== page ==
My little sister and I grew up in a fairly technology-deficient household, which meant that my inherent love for pop culture had me seeking out movies and TV shows at friend's houses, while my sister remained disinterested and effectively ignored everything.

Fast-forward to our adult lives, with me working as a film writer and my sister holding it down in the finance industry, and I'm continually shocked at how sheltered she's kept herself when it comes to even the most seminal films.

Which is why I've elected to undertake a project, and I've dragged her along (at times, kicking and screaming): I'm going to introduce her to classic films she's missed out on, and I'll share her hilarious, sometimes shocking reactions with you fine readers. We lovingly refer to our project as Sibling Revivalry, and you're cordially invited to join us every month for our collective re-view of a new classic.

This month, inspired by the glut of YA novels-turned-movies ("The Spectacular Now" and "The Mortal Instruments: City of Bones," to name two), we're tackling the 1987 Rob Reiner-directed big-screen version of William Goldman's novel, "The Princess Bride." Here's what my sister had to say about the classic romantic adventure comedy, 26 years after its release.

"You're either Spaceballs or you're not."
My sister said this while we discussed the film's tone. "It didn't line up for me -- it's either whimsical or it's slapstick or it's fully serious, and to me it was kind of scattered. It was confused." When I told her that Whoopi Goldberg campaigned for the role of Buttercup, she was astounded. "THEN it would've been 'Spaceballs'!" was her retort. As far as Robin Wright's first big-screen performance, she called it "very serious and angry" and feels "it might've thrown the tone of the movie off a bit." Ouch.

Yes, Andre the Giant Was Real
My sister initially though Andre the Giant, who plays Fezzik, was either fake or wearing prosthetics. During the fight scene between he and Westley, she actually took to the Internet to look up info about the late, great seven-foot-tall French wrestler. She ultimately decided, "He's kind of like Shrek -- big and sweet." When I told her that Goldman considered Arnold Schwarzenegger for the role of Fezzik, she laughed. "That's really funny -- I would've loved to see him in this! And with his accent, too -- it would've been great!"

Enunciate, Please!
Speaking of accents, my sister had a field day with all the dialects in the film. That quote is attributed to her insistence that Fezzik and Peter Cook's infamous Impressive Clergyman sounded exactly the same to her. Mawwiage! Even more hilarious was that she kept referring to Westley as a "pool boy" -- once I realized she was being earnest, we figured out that she was mishearing Wright's English accent as she pronounced "poor boy." My sister likes her version better.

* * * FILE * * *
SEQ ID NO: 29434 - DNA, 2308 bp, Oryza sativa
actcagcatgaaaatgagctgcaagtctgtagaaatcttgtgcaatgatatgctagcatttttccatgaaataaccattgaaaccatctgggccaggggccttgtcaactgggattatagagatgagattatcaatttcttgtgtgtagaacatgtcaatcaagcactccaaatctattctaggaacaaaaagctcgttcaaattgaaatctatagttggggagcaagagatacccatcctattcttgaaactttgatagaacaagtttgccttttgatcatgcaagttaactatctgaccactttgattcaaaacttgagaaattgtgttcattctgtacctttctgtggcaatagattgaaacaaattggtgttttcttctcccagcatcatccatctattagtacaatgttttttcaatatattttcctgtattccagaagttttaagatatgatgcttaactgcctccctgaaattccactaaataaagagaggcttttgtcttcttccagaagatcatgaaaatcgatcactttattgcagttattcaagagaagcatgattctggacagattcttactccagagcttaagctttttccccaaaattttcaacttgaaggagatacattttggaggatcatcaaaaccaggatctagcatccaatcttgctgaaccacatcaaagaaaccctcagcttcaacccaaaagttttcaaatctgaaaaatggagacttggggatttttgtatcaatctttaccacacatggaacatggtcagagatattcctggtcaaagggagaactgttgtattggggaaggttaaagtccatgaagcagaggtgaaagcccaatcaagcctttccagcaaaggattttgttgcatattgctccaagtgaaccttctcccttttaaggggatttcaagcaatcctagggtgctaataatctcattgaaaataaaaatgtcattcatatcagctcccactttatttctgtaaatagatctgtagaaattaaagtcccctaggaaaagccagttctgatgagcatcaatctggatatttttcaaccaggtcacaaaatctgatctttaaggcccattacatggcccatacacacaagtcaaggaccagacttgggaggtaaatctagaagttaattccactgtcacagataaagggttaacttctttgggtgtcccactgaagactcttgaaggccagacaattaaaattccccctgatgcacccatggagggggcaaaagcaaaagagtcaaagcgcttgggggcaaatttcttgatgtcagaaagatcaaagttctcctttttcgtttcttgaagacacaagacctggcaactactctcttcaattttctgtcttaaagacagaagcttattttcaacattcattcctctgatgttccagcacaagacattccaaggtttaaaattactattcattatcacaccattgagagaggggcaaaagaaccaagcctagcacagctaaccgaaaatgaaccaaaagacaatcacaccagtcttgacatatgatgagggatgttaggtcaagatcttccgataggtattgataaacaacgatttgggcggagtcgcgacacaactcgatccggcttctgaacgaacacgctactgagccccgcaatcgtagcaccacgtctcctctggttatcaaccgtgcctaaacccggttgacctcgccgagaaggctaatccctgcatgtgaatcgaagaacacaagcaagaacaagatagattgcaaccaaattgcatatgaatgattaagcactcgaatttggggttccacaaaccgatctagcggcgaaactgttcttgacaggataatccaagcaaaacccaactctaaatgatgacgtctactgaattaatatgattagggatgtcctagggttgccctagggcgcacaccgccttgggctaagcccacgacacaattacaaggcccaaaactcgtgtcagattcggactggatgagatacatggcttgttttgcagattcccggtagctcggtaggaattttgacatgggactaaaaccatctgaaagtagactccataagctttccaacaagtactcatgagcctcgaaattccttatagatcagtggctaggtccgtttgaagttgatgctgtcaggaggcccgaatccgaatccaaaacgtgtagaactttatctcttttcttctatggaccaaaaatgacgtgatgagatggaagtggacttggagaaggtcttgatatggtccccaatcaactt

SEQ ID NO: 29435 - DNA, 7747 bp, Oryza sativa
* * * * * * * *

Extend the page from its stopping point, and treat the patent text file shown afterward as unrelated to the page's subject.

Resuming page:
"Freakin' Disney, man. Ruined my life."
Fairy-tale true love-driven stories are permanently on my sister's naughty list -- she insists they create unrealistic expectations for adult relationships. "They were all the same. 'Cinderella,' the one with the apple ['Snow White'], 'The Little Mermaid.'" We discussed the fact that the plot of "The Princess Bride" was motivated by true love, and she quite astutely noted that it didn't just encompass the Westley/Buttercup story, but involved Mandy Patinkin's Inigo Montoya, as well. "The Westley and Buttercup one was more 'movie true love' and Inigo's was more like real life true love. It was just more relatable."

"The Princess Bride" Has Similarities With ... Wall Street?
My sister seemed most engaged during the three trials the man in black endured in his pursuit of Buttercup, and admitted that the Iocane Powder scene with Wallace Shawn's Vizzini was her favorite. "He looks like guys I date," she said of Vizzini. "Like he's good at chess and is a doctor." When Humperdink -- in hot pursuit -- gloated, "I always think everything will be a trap -- that's why I'm still alive," she snorted, "Story of my life -- I work on Wall Street."

Westley and Jason Statham Are Her Heroes
So, who would my sister choose -- fictional or real -- to take her through the Fire Swamp? Westley. When pressed for another answer, she said, "I feel like Jason Statham would do a solid in a fire swamp. He'd play a dangerous chauffeur and he'd call a car and he'd drive it out of the Lightning Sand. I was thinking George Clooney, but I don't know that a tuxedo would really work out in a fire swamp. Maybe Ryan Gosling's the third runner up, but he seems a little dainty to me. He seems like he'd get upset over the dirt, and I don't like dirt either, so we'd probably both die trying to stay clean."

"The Princess Bride" Is Just Too Long
My sister's experience of watching "The Princess Bride" was basically the opposite of the one depicted in the flashback device of Fred Savage and Peter Falk -- as the film went on, she became less and less engaged. She cites her turning point as after Buttercup and Westley rolled down the hill. "It was the reveal, and then I knew what they had to go through and it was the same old thing. If they had wrapped it up in 30 minutes, I would've been into it, but it continued on too long. It's like 'Ahhh!' I know what's going to happen! He's going to get the girl, it's going to be a happy ending, just get on with it!"

Seriously, Westley Is Her Hero
Speaking of that hill scene -- my sister was quite taken with Cary Elwes's Westley as he and Buttercup reunited after their infamous "as you wish" tumble. She insisted on pausing the film to insert herself into the moment (photographic evidence below).

Watch your back, Buttercup!


The Princess Bride - DVD Clip No. 1
The Princess Bride Movie Poster
The Princess Bride
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A fairy tale adventure about a beautiful young woman and her one true love. He must find her after a... Read More

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